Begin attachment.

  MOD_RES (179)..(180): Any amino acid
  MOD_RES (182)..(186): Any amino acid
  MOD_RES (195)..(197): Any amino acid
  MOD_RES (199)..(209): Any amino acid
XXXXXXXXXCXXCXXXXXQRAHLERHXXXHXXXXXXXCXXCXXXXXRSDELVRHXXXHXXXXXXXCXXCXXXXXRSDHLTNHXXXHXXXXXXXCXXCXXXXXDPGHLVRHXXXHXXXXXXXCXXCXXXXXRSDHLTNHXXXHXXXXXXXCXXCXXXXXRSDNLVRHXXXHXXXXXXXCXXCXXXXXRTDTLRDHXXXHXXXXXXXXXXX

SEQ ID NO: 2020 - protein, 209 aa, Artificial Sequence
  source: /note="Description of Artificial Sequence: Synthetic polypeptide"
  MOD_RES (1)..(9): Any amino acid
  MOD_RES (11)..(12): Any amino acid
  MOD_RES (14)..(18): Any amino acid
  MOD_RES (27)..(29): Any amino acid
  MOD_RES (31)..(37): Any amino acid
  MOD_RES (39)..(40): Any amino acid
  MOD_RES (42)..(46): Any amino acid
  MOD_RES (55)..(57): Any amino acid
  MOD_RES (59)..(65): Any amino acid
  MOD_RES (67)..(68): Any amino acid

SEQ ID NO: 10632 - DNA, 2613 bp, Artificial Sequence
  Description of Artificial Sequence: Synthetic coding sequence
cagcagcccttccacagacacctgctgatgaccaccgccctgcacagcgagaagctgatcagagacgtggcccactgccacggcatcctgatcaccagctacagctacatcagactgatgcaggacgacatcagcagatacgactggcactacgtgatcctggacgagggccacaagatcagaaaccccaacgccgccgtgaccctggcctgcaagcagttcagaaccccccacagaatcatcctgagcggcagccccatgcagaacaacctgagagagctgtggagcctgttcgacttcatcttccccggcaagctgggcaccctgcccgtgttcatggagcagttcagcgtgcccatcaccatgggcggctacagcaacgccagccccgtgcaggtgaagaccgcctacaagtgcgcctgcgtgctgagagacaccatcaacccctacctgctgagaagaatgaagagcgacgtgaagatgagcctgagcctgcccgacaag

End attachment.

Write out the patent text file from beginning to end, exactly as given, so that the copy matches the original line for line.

  MOD_RES (179)..(180): Any amino acid
  MOD_RES (182)..(186): Any amino acid
  MOD_RES (195)..(197): Any amino acid
  MOD_RES (199)..(209): Any amino acid
XXXXXXXXXCXXCXXXXXQRAHLERHXXXHXXXXXXXCXXCXXXXXRSDELVRHXXXHXXXXXXXCXXCXXXXXRSDHLTNHXXXHXXXXXXXCXXCXXXXXDPGHLVRHXXXHXXXXXXXCXXCXXXXXRSDHLTNHXXXHXXXXXXXCXXCXXXXXRSDNLVRHXXXHXXXXXXXCXXCXXXXXRTDTLRDHXXXHXXXXXXXXXXX

SEQ ID NO: 2020 - protein, 209 aa, Artificial Sequence
  source: /note="Description of Artificial Sequence: Synthetic polypeptide"
  MOD_RES (1)..(9): Any amino acid
  MOD_RES (11)..(12): Any amino acid
  MOD_RES (14)..(18): Any amino acid
  MOD_RES (27)..(29): Any amino acid
  MOD_RES (31)..(37): Any amino acid
  MOD_RES (39)..(40): Any amino acid
  MOD_RES (42)..(46): Any amino acid
  MOD_RES (55)..(57): Any amino acid
  MOD_RES (59)..(65): Any amino acid
  MOD_RES (67)..(68): Any amino acid

SEQ ID NO: 10632 - DNA, 2613 bp, Artificial Sequence
  Description of Artificial Sequence: Synthetic coding sequence
cagcagcccttccacagacacctgctgatgaccaccgccctgcacagcgagaagctgatcagagacgtggcccactgccacggcatcctgatcaccagctacagctacatcagactgatgcaggacgacatcagcagatacgactggcactacgtgatcctggacgagggccacaagatcagaaaccccaacgccgccgtgaccctggcctgcaagcagttcagaaccccccacagaatcatcctgagcggcagccccatgcagaacaacctgagagagctgtggagcctgttcgacttcatcttccccggcaagctgggcaccctgcccgtgttcatggagcagttcagcgtgcccatcaccatgggcggctacagcaacgccagccccgtgcaggtgaagaccgcctacaagtgcgcctgcgtgctgagagacaccatcaacccctacctgctgagaagaatgaagagcgacgtgaagatgagcctgagcctgcccgacaag